“The scary thing is that it’s not only religion that makes our bodies not our own; it’s engraved into (dare I say) all cultures. Idolizing fashion and celebrity style, dress codes at work, anti-nudity rules, cliques, ageism, female vs. male appropriateness of dress…

“Your body is *the only* thing that belongs to you in this world and in this life; until you realize this, the decisions you make that build your personhood may be on a very fragile foundation. The sole realization of the fact that your body is the only thing you own will make you realize that *none* of us are free, ever, in any circumstance, yet we can be.” – VP

This strongly resonates with me. My family was not religious, but from the moment I was born to this day, I have been – and still am being – bombarded with expectations in regards to my sexuality. From something as outspoken as deriding the local International Baccalaureate school for having a daycare for single mothers trying to finish their high school diploma to speaking with disdain about female colleagues discussing birth control pills – “They should be ashamed they couldn’t wait” – to denouncing all my male friends as “wolves” and cautioning me against being too relaxed, I grew up afraid and confused with my sexual urges.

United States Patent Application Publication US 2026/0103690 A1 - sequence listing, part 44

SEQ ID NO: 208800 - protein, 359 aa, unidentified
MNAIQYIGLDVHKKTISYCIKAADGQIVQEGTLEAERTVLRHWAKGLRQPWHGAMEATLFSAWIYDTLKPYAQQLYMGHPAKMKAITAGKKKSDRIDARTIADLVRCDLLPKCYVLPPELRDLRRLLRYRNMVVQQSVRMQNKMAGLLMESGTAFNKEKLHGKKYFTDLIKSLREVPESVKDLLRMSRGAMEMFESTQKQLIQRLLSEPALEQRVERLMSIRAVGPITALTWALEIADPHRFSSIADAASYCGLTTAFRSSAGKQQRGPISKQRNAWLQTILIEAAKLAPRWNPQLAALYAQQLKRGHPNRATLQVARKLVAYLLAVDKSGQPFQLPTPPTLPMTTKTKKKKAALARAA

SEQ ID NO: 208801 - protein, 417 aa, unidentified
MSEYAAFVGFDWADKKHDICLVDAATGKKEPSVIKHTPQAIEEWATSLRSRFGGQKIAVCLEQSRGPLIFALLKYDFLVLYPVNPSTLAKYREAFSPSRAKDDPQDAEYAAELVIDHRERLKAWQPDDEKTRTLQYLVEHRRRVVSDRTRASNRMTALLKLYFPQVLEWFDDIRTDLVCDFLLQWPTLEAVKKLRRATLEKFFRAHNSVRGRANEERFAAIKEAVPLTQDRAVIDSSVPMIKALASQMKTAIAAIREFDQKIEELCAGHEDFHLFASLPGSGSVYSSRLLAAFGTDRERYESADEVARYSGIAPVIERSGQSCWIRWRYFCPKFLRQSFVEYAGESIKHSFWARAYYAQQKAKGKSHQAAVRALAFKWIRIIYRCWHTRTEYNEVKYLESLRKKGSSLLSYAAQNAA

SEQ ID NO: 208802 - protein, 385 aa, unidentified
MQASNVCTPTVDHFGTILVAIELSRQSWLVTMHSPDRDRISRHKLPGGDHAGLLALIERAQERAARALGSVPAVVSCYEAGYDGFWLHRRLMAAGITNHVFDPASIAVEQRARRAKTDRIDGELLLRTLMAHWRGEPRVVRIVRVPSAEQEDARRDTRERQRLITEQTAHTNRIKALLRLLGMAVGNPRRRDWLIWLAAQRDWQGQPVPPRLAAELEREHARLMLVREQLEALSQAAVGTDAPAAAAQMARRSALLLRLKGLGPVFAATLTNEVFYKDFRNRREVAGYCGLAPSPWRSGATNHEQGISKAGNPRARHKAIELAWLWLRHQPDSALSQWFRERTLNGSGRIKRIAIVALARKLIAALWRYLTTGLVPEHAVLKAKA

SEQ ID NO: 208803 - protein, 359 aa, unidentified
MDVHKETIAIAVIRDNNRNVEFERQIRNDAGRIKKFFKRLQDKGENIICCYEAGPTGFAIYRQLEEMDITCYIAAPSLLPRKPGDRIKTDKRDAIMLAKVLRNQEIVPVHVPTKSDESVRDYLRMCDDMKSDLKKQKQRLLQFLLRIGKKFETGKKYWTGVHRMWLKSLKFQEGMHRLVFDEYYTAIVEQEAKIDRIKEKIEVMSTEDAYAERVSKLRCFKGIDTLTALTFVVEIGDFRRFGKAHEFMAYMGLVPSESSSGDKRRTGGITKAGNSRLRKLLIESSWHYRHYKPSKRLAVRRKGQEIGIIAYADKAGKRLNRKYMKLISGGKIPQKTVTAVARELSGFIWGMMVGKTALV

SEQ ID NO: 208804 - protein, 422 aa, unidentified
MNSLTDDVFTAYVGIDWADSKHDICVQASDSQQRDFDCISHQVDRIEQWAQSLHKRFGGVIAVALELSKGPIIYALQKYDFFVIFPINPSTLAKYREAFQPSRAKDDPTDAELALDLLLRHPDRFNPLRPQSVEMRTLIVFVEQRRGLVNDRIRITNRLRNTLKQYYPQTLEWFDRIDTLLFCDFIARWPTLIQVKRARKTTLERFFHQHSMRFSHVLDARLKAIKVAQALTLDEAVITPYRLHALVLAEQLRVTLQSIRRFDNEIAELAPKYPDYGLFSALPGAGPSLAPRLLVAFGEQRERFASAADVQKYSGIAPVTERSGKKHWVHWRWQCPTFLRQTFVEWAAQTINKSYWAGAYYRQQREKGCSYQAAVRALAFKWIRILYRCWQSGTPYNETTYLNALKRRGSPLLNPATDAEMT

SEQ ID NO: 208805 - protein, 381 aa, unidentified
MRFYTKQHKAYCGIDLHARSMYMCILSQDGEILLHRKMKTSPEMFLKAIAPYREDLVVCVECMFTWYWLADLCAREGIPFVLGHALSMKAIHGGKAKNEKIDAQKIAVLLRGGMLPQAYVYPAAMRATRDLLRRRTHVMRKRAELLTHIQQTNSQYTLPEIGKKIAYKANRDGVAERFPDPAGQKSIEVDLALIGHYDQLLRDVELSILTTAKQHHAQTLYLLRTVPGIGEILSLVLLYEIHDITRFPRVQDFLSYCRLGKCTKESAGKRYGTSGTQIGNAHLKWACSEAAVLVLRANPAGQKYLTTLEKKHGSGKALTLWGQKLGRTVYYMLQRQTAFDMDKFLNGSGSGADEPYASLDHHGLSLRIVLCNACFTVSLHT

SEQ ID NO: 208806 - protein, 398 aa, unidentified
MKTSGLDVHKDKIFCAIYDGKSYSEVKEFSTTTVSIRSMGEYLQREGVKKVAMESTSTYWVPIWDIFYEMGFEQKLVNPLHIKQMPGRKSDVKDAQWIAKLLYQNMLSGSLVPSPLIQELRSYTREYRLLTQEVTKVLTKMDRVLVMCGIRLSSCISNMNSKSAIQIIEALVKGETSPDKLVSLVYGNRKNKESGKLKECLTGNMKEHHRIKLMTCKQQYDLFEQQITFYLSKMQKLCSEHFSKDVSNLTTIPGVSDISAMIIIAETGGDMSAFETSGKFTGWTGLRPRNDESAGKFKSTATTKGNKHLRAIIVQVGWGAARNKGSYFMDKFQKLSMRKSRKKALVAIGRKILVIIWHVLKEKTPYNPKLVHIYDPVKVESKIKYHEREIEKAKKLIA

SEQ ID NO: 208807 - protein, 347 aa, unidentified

I remember wanting to experiment with masturbation, and being afraid because it was “wrong”. I remember being taught shame when I got my period, because apparently, having my period, something I have absolutely no control over but something that is emblematic of my impending sexuality, is shameful.

I remember shooting the breeze with a male friend of mine sometime during my undergraduate, and him fantasizing about his future first time with his girlfriend.

“What if it’s not her first time?” I asked. He literally stopped in his tracks and admitted that that scenario had never occurred to him.

How is it that we still so highly, abnormally, prize female virginity?

I remember the years it took me to talk myself out of my fear of losing my virginity, the talks I had to have with my girlfriends and myself, before I realized, understood and accepted that any future partner I had who could not accept that I wasn’t a virgin would not be someone I would want to be with.

Where does the “love me for being me” fairytale our society feeds us come into play with maintaining female virginity?

Article here: http://thoughtcatalog.com/samantha-pugsley/2014/08/i-waited-until-my-wedding-night-to-lose-my-virginity-and-i-wish-i-hadnt/

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